One of the toughest aspects of balancing your company's cash flow is finding the balance between paying your independent contractors while waiting for payment from your clients.
As the former Controller for a multi-million dollar creative firm, this was one of the consistent areas of the business that kept me up at night. Mostly because the "financial" part of my brain would say that we needed to wait until we received payment before cutting checks to our freelancers.
But, the other not so business-y side of my brain remembered what it was like to be an independent contractor waiting anxiously for a payment to cover my own expenses. And sometimes the wait would be 60-90 days after the service was delivered. Although this was common within the industry, it was the agency's that made the extra effort to pay me within 30 days that I loved working for the most.
And when I became the Controller, I consciously chose to listen to that other side of my brain to determine when to issue payment to our contractors. We consistently paid our freelancers within 30 days of the completed assignment, with an internal goal of issuing payment within two weeks. Whether or not we received payment from the client.
Because, let's face it. Independent contractors have the ability to work for anyone and there are hundreds of agencies available to hire them. Just like the contractor, your company needs to stand out in order to attract the best and most reliable talent. And the best way to do this is to treat your freelancers and contractors like gold.
But, I also recognized that it can be tough to do this when you have big revenue projects where the client doesn't pay you in a timely fashion. Some of my firm's big clients like Verizon and T.D. Williamson had such large Accounts Payable departments that it could take up to 180 days to receive a check from them.
To counteract this, one of the initiatives that I put in place was to make sure all large contracts had a monthly retainer component. This way we would have enough cash to pay our bills, including our contractors. Once the project was completed, we would deduct those payments from our final bill.
For example, prior to me taking the Controller position, if we had a $1M project with a large company our contract would state that we would receive payment once a quarter after they received an invoice from us. Unfortunately, once they received the invoice it could take another 30 days to see the money. For us, that meant we wouldn't see any cash for four solid months.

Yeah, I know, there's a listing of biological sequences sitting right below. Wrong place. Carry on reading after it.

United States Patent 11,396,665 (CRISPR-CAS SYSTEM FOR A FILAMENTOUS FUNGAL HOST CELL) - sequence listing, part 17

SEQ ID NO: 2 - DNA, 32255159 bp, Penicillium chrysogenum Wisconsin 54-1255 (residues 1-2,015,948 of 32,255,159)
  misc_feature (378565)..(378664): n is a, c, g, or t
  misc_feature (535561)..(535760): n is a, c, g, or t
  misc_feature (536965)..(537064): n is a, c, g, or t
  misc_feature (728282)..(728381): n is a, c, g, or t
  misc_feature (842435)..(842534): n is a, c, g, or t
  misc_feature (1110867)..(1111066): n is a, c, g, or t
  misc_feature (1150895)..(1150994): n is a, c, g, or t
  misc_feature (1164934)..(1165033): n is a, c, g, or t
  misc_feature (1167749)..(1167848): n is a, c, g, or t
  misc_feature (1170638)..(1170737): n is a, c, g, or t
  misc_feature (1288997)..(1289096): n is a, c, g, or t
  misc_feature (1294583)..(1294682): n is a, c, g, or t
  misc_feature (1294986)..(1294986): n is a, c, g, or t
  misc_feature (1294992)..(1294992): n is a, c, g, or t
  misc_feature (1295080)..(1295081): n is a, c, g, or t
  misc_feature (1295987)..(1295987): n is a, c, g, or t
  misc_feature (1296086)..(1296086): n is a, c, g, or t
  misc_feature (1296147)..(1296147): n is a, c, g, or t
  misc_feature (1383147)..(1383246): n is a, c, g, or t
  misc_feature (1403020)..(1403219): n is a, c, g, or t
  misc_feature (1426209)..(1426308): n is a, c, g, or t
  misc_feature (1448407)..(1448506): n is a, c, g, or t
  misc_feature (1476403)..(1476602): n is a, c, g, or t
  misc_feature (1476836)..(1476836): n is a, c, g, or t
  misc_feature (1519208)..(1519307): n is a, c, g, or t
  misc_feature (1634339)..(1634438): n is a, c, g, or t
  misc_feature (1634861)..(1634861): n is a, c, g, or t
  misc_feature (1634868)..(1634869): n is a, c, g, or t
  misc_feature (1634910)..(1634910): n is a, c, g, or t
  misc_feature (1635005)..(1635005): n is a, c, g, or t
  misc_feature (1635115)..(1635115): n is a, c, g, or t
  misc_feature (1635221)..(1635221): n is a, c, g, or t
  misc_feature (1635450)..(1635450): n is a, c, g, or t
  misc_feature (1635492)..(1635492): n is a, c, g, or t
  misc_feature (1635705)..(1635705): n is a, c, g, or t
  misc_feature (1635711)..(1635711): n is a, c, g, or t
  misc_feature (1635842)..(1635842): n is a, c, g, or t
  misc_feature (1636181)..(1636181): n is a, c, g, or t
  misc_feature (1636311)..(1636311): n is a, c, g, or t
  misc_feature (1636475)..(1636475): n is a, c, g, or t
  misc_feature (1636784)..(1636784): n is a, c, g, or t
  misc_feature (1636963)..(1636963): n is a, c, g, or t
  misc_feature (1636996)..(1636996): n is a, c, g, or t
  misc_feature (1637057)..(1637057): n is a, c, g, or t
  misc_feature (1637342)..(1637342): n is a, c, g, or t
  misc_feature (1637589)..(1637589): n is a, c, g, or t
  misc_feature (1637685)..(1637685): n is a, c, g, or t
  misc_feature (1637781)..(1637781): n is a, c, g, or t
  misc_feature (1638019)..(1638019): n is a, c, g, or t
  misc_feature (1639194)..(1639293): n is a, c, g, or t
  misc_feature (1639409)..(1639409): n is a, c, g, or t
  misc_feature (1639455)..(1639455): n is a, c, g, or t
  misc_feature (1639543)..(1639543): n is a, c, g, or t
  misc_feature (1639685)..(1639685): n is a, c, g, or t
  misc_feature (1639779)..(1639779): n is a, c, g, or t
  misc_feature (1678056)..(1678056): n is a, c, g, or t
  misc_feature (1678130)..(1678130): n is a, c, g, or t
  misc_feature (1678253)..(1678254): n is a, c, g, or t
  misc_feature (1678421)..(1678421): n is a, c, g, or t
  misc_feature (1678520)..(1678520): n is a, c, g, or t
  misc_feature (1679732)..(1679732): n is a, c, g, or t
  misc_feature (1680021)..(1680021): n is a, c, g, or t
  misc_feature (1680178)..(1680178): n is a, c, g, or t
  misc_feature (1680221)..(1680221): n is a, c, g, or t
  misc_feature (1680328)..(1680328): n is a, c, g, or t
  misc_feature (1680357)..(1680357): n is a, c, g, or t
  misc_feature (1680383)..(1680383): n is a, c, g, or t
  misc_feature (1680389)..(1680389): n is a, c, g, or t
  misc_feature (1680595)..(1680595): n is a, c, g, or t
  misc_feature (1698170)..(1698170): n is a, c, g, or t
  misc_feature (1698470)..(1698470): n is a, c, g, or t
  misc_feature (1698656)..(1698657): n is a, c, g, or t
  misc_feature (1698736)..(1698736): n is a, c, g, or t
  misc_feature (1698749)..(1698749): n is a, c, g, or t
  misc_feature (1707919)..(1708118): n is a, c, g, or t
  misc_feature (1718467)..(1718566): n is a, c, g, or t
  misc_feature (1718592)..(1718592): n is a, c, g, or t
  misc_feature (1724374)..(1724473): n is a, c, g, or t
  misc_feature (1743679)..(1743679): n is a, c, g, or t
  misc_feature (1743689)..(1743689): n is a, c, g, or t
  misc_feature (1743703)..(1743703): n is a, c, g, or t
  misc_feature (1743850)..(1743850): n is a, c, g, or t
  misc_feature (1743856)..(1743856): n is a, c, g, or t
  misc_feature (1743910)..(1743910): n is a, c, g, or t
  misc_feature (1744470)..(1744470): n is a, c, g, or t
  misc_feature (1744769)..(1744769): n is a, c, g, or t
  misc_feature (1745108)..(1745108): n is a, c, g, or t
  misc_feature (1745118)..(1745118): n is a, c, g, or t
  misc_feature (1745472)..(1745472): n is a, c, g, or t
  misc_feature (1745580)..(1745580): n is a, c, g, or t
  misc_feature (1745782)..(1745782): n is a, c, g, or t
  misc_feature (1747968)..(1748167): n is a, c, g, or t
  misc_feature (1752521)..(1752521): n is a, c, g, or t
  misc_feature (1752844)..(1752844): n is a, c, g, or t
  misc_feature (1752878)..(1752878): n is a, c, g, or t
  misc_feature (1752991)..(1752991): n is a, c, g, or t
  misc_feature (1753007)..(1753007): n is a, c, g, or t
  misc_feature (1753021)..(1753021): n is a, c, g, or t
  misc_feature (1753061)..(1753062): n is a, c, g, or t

Not ok when you have rent, salaries and expenses to cover. So, I changed that. Going forward, our contracts stated that every month we required a payment of $60K. Period. No exchange of invoices and expense reports. All of that would be tallied up and submitted at the end.
Whatever you decide to do with your company, work with your accountant and find a way to make sure you can pay your contractors as quickly as possible. It's good karma for your business and it helps make sure that your company always attracts the best contractors.
Here are three ways to help your company attract the best freelancer talent:
- Pay all contractors within 30 days. Want to go above and beyond? Pay your freelancers within 2 weeks. I've seen some agencies guarantee payment within 7 days. Believe me, this goes a long way in building credibility and attracting the very best talent.
- Update your contracts with larger clients to include a monthly retainer component.
- Use an cloud based system to keep track of expenses and logged hours. Tools like Tallie and Zen Payroll make it really easy for your bookkeeper to issue payment quickly and gather all the necessary info to generate an invoice.
I want to hear from you. Which of these three tips will you start implementing within your company?
Be sure to check out my free webinar with Kashoo on August 21 where I'll cover 5 Ways to Improve Your Cash Flow. Kashoo is a simple cloud accounting software that received a 4.25 out of 5 stars rating by the CPA Practice Advisor. Click here to sign up.
Danetha Doe is a cloud accounting expert. A business coach and former NFL Cheerleader, she is on a mission to bring sexy back to the world of accounting.
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